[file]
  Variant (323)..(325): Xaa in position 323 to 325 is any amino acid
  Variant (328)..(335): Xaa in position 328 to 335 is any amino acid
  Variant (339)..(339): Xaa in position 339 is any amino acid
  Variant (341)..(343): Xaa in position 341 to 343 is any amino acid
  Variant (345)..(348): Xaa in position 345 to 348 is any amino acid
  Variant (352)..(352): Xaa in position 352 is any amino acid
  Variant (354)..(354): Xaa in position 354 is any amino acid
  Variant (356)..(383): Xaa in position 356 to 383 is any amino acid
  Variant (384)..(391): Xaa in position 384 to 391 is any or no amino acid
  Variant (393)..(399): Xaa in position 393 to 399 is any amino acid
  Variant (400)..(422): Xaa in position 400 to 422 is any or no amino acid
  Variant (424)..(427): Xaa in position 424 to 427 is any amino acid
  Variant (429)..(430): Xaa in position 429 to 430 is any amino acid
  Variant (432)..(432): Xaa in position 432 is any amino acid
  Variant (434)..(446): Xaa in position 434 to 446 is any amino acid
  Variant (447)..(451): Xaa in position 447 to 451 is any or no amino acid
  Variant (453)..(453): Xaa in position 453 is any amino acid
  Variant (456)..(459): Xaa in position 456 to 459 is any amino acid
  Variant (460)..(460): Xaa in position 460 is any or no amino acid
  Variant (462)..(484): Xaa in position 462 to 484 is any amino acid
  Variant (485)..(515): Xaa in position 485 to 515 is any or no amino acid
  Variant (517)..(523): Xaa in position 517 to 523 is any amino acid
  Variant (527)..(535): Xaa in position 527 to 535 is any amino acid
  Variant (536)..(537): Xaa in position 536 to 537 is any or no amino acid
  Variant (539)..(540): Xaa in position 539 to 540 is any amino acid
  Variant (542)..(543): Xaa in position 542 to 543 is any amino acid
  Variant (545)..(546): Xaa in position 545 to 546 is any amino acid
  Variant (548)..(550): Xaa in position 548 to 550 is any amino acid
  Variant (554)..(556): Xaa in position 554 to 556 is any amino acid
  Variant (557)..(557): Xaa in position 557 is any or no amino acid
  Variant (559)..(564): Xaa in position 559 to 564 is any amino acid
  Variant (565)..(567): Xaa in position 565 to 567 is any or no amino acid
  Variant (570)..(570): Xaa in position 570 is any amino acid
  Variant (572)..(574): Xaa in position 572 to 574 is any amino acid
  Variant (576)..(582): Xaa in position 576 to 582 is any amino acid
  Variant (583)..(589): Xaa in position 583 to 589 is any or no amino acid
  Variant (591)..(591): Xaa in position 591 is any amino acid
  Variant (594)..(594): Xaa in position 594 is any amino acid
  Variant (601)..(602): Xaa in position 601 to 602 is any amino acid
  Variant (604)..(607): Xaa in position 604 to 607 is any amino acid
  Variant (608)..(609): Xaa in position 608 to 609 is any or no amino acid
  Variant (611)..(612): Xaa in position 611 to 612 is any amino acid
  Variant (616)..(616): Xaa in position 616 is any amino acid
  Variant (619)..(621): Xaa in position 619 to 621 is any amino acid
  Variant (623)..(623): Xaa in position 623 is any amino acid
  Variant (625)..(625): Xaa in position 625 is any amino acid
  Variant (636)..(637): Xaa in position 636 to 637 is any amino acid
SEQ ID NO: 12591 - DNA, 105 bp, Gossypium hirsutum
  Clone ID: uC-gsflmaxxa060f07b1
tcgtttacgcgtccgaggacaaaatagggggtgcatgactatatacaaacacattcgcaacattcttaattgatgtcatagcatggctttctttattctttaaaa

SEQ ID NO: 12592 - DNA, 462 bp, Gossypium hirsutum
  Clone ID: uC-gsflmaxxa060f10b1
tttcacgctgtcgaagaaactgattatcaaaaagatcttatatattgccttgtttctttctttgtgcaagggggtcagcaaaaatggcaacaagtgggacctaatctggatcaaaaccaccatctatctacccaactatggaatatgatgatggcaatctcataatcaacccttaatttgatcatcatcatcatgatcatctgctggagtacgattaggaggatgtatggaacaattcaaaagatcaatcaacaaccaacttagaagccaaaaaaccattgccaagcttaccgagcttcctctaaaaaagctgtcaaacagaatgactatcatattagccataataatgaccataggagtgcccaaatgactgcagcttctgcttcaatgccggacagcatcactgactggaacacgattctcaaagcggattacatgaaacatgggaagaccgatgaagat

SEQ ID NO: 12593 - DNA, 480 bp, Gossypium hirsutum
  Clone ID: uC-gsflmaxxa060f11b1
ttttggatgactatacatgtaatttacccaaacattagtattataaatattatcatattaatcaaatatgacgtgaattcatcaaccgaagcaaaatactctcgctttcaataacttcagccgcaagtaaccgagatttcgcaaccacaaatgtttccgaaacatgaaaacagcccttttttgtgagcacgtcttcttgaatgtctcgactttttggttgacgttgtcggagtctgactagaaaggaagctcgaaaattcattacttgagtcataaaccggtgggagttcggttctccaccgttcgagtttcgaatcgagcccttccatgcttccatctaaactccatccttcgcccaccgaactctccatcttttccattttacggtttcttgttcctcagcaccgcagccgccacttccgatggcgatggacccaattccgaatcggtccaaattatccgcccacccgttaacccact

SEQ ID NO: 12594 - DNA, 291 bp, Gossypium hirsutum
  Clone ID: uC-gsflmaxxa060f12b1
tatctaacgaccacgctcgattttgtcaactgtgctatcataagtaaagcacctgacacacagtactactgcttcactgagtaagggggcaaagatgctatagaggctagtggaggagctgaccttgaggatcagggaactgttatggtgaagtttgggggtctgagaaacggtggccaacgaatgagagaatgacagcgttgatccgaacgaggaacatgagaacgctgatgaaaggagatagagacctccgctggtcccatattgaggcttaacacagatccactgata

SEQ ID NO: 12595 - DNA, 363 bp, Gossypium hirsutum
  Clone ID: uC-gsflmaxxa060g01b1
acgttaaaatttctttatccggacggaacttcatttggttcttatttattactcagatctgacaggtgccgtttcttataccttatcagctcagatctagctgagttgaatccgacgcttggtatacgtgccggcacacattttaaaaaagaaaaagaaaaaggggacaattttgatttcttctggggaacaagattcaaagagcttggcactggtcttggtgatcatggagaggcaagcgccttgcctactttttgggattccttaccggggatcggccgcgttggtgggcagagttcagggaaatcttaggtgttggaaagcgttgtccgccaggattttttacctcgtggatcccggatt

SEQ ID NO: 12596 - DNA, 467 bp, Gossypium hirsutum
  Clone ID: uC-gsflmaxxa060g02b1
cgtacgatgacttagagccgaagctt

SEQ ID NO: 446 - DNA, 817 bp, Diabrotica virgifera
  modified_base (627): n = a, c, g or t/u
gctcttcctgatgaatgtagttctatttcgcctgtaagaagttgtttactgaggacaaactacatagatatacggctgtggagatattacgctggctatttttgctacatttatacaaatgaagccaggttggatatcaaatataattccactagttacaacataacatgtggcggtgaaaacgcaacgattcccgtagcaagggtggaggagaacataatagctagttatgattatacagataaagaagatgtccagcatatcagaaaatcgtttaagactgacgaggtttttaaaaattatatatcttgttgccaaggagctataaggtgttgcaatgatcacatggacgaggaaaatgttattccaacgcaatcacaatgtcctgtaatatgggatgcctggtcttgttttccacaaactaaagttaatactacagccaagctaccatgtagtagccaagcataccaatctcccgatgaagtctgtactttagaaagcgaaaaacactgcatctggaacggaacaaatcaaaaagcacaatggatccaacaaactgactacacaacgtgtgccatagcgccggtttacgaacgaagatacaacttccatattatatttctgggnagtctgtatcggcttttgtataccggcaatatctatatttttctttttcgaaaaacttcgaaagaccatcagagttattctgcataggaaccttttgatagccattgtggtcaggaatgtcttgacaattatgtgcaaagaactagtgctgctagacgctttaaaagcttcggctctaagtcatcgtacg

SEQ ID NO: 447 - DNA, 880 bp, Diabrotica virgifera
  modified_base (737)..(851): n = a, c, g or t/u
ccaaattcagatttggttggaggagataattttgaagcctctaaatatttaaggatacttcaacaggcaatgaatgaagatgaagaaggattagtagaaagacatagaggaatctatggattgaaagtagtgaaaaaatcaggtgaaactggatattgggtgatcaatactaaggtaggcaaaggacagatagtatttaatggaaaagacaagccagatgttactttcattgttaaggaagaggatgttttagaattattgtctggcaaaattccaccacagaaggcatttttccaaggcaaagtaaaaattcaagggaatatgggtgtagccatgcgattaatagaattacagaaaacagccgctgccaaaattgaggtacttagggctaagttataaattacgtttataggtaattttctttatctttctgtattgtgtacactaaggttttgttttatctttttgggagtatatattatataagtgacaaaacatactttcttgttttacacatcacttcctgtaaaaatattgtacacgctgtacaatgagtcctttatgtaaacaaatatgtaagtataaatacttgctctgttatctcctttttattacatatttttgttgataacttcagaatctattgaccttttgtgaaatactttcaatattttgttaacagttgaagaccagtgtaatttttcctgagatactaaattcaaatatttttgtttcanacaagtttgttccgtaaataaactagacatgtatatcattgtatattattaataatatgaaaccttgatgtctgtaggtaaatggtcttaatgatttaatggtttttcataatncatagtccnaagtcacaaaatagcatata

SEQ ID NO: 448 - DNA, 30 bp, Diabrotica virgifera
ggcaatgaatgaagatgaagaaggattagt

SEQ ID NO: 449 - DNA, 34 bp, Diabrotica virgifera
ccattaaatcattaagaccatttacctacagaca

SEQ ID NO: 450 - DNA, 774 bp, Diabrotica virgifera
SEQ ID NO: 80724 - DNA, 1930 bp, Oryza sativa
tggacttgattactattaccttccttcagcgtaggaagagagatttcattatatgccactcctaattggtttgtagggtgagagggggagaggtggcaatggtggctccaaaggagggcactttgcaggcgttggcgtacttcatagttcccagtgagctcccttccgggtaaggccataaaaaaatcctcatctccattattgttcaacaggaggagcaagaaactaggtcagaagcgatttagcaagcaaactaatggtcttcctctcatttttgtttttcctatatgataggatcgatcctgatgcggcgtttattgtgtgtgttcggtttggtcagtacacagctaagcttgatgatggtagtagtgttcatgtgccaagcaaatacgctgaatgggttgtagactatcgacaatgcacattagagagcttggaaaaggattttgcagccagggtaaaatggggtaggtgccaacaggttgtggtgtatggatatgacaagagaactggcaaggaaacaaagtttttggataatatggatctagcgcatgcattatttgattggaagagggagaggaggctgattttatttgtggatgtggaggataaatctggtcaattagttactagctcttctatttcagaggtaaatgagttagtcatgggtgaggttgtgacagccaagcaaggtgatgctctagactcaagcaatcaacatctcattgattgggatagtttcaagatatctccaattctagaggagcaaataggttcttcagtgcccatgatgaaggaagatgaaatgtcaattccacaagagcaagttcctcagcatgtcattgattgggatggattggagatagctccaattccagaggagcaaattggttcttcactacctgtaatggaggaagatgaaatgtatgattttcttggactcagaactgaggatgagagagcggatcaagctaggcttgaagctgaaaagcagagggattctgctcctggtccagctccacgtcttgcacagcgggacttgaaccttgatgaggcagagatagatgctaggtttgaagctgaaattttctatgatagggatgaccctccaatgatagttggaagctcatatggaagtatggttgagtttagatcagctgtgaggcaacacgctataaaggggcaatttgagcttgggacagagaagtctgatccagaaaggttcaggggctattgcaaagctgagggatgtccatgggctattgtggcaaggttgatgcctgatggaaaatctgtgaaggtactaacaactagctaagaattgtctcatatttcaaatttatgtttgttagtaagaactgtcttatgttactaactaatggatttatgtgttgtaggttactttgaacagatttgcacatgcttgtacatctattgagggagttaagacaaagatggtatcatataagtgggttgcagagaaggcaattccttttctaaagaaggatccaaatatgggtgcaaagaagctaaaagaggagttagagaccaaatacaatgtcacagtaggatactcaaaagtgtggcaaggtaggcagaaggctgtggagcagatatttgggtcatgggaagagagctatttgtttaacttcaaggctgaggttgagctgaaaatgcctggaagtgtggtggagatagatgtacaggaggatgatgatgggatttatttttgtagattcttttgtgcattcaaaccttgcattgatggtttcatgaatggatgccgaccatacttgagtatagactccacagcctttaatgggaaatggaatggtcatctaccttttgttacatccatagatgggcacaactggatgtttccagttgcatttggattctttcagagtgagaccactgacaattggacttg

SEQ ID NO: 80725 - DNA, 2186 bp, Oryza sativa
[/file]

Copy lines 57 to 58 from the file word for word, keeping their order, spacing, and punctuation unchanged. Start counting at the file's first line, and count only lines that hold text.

SEQ ID NO: 12594 - DNA, 291 bp, Gossypium hirsutum
  Clone ID: uC-gsflmaxxa060f12b1